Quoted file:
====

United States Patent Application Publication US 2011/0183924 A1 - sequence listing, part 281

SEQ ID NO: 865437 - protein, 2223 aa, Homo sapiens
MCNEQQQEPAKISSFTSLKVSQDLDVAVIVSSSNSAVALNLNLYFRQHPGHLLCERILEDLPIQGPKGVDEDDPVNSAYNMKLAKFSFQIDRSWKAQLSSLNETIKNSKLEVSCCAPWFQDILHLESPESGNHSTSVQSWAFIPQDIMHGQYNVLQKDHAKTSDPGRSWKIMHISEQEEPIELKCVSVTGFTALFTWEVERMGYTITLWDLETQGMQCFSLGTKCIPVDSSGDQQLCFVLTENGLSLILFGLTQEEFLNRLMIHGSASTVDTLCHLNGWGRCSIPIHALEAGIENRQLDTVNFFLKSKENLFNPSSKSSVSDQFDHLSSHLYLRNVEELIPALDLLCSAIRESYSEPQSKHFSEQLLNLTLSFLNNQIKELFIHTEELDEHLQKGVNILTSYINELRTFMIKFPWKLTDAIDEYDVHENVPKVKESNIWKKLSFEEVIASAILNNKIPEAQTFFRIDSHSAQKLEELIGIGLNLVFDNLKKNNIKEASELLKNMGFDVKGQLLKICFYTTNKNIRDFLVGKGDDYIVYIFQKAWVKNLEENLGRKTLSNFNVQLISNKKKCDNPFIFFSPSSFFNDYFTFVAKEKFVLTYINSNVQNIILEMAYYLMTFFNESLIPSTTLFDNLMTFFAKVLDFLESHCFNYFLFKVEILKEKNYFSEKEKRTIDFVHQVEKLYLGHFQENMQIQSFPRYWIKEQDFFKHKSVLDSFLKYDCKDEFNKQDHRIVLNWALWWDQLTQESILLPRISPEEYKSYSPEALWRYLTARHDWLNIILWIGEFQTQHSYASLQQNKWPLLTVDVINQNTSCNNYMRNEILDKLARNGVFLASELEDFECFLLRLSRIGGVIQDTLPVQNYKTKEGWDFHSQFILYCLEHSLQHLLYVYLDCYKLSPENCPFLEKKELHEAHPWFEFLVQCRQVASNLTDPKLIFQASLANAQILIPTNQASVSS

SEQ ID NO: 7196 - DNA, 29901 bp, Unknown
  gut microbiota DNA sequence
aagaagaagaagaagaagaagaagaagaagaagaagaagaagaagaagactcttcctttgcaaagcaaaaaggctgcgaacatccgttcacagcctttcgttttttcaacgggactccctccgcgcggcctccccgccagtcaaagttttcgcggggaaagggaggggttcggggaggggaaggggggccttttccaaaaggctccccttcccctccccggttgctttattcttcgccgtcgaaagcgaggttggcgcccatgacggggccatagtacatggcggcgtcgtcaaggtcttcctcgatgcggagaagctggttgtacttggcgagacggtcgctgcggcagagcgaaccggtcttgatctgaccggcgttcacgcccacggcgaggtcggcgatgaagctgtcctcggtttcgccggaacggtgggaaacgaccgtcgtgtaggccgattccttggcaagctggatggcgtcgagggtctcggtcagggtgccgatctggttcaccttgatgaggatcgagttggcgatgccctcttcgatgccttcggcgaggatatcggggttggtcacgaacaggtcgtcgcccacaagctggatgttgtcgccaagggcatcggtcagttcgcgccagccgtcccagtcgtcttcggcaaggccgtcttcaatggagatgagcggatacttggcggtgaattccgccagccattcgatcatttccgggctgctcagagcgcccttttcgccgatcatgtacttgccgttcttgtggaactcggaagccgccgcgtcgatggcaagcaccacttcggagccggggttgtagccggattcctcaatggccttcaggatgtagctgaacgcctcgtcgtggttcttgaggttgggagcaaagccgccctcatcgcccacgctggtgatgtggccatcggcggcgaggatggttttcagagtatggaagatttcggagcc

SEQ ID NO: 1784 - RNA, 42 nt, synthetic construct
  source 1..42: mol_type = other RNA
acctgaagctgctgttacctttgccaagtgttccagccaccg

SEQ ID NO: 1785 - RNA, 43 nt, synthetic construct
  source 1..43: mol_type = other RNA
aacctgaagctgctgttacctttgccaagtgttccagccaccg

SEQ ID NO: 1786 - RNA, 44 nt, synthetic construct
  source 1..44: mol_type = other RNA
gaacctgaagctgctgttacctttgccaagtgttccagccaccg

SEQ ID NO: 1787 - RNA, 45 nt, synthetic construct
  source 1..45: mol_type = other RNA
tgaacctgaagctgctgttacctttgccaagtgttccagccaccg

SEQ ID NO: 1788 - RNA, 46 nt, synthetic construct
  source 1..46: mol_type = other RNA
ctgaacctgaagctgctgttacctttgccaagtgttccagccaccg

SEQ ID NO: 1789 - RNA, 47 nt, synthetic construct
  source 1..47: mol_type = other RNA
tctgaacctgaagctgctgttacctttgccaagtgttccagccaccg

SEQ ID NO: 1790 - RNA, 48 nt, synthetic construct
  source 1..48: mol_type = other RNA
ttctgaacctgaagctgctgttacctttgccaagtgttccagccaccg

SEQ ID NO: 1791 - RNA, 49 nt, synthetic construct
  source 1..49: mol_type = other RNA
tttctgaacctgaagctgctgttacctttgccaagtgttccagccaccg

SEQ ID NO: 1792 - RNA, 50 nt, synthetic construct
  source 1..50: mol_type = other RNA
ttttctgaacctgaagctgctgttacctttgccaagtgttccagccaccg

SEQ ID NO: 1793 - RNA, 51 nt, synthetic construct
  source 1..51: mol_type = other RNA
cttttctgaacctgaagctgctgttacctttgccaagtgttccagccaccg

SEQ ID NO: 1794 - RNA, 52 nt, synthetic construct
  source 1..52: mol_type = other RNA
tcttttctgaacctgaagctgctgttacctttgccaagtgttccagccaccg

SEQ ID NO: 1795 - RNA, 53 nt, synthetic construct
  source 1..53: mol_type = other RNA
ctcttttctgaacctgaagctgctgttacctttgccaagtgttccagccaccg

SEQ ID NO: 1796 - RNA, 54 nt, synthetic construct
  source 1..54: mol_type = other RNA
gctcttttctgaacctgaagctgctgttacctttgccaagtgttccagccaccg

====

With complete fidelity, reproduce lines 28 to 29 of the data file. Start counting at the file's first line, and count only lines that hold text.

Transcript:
SEQ ID NO: 1791 - RNA, 49 nt, synthetic construct
  source 1..49: mol_type = other RNA